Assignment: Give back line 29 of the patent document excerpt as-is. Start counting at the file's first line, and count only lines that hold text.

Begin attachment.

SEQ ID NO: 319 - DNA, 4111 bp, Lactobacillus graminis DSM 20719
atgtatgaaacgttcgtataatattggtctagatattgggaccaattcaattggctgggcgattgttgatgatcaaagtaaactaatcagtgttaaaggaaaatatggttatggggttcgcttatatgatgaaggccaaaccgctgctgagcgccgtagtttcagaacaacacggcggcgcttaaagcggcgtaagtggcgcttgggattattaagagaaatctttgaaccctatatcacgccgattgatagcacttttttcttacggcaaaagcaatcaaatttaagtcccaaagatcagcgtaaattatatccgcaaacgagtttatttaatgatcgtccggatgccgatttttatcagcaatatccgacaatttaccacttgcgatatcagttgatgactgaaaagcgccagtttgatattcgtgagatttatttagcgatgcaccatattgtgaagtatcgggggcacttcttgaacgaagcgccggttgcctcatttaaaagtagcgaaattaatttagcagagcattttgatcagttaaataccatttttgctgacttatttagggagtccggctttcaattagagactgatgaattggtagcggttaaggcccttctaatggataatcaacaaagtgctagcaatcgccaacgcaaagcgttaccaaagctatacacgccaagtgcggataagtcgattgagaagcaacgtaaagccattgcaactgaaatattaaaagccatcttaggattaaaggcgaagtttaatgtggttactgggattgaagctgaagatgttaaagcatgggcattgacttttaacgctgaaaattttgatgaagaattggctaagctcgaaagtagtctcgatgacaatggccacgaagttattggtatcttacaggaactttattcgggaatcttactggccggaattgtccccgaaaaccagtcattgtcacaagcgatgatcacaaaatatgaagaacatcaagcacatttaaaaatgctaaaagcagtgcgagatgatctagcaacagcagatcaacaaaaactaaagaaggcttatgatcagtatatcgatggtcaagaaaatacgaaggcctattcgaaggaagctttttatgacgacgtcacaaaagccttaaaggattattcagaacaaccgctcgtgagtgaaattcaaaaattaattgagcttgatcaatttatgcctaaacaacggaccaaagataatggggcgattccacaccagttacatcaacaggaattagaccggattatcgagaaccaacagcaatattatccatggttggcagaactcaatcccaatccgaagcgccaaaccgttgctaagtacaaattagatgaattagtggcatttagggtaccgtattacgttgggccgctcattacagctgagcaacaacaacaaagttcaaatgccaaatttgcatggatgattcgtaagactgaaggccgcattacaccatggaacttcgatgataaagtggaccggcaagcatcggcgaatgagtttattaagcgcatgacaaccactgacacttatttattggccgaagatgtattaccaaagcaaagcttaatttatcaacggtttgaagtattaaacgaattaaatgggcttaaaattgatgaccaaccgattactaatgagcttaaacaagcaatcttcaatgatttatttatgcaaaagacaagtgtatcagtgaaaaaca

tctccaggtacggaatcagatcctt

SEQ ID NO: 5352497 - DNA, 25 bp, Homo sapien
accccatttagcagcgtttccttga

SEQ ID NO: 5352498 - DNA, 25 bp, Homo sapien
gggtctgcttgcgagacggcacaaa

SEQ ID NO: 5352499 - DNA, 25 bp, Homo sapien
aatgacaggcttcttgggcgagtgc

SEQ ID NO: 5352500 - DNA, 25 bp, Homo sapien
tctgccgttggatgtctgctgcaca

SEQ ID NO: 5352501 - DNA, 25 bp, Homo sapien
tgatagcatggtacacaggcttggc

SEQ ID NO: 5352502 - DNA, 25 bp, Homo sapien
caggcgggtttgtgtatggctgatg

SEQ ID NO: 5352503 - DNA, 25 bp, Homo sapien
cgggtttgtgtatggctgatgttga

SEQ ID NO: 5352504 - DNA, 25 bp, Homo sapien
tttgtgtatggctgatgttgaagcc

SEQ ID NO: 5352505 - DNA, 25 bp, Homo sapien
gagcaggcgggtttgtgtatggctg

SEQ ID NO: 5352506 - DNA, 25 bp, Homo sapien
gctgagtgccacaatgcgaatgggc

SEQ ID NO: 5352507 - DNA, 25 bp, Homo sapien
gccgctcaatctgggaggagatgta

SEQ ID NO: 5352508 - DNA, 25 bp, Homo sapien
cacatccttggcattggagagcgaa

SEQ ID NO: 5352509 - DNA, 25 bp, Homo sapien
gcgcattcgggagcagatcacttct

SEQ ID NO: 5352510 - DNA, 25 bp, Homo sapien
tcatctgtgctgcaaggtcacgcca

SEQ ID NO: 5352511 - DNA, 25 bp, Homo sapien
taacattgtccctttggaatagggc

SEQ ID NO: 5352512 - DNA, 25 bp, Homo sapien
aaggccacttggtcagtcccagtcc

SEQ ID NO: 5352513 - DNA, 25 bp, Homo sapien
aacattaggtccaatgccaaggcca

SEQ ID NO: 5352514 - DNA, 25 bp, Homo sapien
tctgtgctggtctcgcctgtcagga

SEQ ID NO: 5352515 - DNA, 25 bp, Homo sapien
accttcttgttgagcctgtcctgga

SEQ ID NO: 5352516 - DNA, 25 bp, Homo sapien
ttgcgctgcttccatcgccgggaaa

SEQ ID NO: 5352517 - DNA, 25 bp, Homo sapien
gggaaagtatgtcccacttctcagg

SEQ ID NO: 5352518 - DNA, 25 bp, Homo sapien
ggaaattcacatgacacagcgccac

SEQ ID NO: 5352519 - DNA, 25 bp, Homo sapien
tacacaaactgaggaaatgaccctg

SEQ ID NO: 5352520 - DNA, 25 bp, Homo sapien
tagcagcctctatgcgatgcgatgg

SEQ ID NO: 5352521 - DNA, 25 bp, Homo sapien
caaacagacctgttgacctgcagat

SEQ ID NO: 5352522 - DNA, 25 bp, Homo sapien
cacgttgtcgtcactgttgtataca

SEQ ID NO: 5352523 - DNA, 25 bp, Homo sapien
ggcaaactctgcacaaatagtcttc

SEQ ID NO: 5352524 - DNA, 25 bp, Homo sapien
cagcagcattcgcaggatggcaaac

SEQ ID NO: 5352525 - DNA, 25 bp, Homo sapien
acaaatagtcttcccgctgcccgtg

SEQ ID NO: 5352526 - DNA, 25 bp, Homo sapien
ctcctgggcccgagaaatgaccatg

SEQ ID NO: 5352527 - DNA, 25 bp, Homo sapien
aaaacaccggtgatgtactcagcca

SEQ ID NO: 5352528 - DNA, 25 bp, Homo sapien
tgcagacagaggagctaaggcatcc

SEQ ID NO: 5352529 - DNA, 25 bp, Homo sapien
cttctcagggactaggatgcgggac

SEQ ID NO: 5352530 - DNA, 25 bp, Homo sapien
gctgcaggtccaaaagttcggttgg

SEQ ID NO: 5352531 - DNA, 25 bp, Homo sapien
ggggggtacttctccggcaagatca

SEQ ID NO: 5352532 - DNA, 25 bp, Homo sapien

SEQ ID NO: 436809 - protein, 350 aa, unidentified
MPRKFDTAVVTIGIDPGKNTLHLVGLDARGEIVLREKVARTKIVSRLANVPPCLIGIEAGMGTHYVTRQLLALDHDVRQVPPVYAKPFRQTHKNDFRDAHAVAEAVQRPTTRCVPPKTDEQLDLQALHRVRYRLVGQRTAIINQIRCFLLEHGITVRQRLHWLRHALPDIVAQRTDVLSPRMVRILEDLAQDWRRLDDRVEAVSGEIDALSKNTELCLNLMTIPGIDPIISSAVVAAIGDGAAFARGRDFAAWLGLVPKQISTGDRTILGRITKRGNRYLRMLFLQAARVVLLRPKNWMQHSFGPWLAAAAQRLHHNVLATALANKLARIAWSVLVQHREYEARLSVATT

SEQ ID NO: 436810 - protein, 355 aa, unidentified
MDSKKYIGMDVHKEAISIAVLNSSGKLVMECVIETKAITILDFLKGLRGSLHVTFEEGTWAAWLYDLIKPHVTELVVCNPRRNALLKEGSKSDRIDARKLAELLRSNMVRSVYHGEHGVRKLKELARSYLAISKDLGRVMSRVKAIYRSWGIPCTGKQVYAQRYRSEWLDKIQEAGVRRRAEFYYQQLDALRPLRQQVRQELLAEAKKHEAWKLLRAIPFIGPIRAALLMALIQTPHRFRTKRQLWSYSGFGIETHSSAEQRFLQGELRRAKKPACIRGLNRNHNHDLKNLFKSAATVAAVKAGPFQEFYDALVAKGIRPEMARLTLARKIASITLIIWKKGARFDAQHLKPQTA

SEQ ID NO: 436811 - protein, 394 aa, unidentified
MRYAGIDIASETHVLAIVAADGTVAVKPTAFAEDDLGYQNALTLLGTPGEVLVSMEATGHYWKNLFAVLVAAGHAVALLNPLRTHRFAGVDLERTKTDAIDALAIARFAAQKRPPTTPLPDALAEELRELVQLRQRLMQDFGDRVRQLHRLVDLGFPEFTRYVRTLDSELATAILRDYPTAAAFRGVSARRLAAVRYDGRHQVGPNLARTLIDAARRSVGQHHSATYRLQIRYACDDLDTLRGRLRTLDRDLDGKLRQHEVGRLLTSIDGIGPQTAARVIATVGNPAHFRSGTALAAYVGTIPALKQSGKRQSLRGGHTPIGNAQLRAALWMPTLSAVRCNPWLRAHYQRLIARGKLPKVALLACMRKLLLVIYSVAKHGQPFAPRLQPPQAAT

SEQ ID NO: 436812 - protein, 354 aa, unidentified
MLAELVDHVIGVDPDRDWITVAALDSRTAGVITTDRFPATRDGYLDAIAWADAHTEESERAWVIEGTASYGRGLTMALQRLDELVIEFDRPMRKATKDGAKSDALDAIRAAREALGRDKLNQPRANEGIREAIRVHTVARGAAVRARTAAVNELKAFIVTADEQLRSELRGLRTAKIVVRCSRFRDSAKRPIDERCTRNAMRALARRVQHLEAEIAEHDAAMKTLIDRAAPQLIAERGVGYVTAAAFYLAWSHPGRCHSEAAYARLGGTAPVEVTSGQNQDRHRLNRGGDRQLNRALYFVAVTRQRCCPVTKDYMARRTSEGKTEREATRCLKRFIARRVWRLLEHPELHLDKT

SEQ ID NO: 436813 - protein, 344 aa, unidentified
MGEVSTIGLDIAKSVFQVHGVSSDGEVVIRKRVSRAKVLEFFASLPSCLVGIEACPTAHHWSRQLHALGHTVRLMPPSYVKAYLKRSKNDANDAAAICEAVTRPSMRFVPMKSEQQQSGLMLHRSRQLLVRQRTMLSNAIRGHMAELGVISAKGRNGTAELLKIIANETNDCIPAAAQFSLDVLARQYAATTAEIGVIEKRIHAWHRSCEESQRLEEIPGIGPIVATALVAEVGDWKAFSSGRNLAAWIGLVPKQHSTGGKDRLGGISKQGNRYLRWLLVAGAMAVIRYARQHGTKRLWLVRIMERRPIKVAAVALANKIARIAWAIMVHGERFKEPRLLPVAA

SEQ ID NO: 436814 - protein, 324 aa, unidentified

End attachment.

gcgcattcgggagcagatcacttct